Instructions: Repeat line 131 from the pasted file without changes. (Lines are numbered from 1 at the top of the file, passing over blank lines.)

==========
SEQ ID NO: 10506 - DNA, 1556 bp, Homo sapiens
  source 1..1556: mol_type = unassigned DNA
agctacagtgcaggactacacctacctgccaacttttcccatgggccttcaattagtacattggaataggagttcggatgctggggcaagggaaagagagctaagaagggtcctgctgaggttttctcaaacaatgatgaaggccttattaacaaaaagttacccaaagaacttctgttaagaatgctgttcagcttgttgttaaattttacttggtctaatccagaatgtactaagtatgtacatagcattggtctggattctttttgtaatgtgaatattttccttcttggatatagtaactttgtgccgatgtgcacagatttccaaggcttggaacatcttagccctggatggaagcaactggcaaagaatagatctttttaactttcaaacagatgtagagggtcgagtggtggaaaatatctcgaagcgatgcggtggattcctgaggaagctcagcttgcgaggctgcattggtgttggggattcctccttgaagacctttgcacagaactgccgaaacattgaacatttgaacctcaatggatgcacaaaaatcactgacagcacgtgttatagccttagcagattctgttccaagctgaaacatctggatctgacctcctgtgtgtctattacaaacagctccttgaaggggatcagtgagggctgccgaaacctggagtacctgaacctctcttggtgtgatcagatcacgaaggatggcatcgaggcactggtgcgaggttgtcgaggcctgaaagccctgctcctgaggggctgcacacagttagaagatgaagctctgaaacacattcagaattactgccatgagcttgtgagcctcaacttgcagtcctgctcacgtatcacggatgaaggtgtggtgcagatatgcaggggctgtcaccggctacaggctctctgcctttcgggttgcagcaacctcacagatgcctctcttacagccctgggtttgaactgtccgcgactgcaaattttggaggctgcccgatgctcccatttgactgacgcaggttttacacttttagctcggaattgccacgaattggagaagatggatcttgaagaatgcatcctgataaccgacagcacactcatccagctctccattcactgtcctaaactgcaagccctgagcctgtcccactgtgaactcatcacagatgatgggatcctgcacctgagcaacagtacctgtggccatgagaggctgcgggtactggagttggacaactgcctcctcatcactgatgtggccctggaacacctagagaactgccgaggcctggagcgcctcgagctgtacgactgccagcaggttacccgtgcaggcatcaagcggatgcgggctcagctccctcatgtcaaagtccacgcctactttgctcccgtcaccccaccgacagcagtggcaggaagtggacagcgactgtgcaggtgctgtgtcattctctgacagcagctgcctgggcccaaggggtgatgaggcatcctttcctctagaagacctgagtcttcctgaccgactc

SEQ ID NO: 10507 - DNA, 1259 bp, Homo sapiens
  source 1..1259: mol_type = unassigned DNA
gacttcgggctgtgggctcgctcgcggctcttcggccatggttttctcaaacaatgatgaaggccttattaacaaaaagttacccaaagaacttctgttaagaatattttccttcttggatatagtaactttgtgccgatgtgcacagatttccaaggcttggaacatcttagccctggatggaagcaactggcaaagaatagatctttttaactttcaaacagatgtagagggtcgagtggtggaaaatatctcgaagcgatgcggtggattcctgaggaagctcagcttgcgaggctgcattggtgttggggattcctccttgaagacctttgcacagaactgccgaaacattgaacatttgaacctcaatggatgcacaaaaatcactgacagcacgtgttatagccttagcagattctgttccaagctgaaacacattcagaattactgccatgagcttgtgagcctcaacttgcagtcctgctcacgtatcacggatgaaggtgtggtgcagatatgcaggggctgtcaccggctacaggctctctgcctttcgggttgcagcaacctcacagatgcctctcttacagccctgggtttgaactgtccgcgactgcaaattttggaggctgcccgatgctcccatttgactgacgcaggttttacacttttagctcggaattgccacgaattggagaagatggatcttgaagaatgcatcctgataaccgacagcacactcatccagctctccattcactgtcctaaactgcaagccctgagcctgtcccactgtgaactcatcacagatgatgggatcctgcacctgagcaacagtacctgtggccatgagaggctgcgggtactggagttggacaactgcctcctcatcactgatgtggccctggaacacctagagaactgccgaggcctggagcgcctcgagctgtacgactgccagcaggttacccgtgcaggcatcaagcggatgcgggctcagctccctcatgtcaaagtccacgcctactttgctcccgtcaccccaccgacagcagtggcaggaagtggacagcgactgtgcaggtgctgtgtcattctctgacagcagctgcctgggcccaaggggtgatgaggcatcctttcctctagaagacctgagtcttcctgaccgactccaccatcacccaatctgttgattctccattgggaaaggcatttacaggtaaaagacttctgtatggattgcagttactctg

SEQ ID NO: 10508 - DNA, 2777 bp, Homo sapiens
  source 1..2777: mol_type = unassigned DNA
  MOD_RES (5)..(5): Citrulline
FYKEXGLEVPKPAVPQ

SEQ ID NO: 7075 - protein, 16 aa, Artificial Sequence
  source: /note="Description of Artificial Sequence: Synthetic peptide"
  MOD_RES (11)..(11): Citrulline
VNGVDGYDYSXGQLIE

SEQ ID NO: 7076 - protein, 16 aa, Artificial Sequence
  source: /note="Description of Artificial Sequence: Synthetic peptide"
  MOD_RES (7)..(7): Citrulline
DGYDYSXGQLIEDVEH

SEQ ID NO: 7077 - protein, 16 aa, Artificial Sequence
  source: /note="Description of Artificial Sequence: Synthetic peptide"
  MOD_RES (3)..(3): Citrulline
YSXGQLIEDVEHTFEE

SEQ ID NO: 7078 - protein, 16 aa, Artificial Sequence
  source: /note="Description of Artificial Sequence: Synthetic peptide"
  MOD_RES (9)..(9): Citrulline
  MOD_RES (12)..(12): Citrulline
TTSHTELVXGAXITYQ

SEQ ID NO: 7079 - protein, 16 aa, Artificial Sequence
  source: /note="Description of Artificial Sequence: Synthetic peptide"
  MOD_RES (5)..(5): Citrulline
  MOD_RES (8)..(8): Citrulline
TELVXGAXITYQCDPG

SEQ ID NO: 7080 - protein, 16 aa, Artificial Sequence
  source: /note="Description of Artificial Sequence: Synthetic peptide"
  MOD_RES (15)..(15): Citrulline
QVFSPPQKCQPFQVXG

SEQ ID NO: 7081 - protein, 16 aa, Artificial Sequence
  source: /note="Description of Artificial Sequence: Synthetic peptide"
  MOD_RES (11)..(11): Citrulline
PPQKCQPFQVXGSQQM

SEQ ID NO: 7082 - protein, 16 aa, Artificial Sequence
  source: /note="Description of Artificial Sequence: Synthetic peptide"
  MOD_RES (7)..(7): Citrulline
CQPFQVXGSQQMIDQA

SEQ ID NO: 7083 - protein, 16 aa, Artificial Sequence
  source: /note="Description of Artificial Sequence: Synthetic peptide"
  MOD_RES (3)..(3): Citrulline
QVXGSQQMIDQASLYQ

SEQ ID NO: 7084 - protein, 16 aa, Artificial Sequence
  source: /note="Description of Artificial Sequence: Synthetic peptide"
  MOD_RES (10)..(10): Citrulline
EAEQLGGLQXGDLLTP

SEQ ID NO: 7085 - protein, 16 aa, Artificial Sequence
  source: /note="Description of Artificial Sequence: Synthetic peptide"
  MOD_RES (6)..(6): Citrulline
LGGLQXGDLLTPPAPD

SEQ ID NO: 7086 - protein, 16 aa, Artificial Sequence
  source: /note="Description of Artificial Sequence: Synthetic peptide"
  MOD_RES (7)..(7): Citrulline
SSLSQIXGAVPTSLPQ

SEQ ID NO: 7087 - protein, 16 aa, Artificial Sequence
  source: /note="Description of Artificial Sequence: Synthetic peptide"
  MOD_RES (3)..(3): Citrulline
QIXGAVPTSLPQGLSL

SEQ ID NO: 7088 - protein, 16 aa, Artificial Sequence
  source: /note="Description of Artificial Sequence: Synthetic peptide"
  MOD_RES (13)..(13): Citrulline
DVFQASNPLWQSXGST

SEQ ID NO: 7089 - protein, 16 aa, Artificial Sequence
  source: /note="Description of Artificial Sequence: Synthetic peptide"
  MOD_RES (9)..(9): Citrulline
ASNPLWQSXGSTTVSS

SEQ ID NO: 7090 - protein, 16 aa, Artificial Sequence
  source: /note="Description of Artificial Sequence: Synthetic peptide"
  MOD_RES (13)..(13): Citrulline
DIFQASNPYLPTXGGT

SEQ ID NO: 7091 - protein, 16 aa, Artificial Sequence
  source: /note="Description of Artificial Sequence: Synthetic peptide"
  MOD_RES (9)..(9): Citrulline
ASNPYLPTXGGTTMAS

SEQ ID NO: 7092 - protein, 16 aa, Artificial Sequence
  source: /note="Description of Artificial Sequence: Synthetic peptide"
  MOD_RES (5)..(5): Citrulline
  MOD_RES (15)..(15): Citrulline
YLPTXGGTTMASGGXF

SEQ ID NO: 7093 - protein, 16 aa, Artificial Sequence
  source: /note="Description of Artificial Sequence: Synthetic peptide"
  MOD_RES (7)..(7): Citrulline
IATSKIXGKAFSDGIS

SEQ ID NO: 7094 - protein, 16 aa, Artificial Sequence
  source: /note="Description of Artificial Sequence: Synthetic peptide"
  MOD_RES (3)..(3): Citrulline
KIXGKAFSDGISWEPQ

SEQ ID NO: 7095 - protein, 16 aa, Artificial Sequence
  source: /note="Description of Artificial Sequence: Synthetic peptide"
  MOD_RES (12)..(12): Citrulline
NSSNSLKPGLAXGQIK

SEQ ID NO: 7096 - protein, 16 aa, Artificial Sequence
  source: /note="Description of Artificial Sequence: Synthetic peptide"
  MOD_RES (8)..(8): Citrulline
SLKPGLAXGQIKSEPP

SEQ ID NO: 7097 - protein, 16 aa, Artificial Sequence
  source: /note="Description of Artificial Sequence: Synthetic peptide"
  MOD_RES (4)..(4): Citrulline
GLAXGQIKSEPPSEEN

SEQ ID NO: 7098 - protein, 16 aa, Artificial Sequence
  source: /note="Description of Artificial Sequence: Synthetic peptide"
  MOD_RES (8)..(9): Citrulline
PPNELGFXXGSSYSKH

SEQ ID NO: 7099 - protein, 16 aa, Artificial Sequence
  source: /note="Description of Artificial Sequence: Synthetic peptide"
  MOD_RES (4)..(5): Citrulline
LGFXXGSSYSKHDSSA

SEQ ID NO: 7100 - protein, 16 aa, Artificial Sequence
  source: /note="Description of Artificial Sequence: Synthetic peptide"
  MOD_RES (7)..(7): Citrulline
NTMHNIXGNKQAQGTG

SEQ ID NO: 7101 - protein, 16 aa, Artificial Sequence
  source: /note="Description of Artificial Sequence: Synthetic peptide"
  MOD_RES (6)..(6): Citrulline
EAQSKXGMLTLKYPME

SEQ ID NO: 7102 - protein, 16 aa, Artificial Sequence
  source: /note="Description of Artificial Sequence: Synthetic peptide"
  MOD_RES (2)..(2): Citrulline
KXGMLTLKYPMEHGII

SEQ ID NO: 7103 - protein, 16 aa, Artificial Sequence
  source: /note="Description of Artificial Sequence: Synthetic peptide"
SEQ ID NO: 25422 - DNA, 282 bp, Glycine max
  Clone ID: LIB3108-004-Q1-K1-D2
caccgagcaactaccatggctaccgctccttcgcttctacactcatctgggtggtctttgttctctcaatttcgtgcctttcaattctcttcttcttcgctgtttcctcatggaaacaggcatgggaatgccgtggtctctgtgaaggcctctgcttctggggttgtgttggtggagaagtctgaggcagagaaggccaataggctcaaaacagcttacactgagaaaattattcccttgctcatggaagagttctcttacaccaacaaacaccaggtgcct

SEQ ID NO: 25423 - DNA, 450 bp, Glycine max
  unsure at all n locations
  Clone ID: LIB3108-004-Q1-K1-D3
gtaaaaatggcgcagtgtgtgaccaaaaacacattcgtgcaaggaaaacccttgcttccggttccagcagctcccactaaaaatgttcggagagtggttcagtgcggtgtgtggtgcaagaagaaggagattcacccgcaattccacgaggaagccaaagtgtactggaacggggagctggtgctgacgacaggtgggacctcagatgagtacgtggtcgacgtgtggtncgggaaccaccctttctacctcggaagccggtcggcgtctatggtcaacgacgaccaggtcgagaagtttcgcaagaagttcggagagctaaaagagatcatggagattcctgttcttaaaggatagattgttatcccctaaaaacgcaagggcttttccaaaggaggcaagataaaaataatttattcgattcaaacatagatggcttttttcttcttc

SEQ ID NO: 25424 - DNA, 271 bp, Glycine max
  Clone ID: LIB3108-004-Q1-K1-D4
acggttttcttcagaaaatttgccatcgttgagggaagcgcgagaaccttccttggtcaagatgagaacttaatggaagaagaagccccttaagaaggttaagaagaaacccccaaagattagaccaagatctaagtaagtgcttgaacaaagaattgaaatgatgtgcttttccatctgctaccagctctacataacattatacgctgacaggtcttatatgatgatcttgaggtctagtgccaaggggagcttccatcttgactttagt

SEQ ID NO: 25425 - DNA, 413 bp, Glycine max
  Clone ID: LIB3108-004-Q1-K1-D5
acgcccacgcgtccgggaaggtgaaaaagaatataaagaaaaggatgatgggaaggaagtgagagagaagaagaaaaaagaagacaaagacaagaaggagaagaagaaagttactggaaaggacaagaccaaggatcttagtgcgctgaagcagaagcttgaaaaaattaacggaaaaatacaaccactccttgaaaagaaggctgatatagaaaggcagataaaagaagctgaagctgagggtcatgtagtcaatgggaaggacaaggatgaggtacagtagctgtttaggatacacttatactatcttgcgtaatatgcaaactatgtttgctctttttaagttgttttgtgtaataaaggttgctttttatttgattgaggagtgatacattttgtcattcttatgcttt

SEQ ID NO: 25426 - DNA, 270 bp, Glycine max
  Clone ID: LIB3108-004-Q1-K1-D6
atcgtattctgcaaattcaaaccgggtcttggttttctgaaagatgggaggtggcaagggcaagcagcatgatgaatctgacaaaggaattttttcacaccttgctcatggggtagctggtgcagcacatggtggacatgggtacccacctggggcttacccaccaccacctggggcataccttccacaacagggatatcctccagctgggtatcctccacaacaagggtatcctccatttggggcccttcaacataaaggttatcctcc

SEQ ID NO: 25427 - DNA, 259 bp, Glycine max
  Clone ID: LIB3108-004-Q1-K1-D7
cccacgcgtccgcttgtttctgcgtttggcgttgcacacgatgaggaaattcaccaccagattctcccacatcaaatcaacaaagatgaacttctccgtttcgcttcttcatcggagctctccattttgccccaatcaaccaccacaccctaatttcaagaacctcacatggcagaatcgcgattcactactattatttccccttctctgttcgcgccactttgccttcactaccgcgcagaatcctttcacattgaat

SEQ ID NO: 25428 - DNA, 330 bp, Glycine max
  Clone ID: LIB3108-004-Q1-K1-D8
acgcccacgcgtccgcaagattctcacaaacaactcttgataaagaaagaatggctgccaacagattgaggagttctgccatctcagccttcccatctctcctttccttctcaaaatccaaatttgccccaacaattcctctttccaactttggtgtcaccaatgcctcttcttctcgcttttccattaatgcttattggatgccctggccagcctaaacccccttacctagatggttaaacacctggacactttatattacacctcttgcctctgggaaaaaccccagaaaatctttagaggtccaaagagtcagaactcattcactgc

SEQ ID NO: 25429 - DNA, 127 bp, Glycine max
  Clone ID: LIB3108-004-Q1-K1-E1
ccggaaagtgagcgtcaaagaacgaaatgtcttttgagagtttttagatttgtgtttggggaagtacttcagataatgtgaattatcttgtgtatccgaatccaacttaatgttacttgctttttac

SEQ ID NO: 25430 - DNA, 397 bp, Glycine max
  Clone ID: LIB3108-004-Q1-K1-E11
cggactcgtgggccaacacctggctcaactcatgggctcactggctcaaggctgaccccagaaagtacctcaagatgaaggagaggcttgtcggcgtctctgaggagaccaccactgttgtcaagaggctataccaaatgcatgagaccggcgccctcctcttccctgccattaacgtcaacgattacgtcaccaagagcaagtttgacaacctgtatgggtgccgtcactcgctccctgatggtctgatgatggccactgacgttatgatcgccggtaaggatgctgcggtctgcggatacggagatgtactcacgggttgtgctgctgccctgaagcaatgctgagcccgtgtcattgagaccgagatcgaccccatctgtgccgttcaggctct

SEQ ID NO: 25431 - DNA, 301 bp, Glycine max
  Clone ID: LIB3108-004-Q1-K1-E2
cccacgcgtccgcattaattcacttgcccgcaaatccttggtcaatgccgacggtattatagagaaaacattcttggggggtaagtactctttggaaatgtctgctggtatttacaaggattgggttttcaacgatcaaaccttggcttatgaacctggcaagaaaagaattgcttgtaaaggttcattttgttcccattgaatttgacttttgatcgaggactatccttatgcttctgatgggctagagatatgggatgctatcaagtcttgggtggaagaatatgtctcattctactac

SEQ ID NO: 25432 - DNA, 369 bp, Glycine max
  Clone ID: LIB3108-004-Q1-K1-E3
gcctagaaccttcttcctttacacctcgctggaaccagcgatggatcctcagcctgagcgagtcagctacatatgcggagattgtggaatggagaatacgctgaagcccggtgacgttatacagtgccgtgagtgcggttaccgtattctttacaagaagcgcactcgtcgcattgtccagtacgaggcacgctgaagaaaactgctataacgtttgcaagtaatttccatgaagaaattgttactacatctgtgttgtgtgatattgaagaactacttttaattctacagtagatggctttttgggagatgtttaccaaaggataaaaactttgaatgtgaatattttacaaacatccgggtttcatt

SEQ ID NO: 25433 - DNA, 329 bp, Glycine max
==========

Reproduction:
SEQ ID NO: 25423 - DNA, 450 bp, Glycine max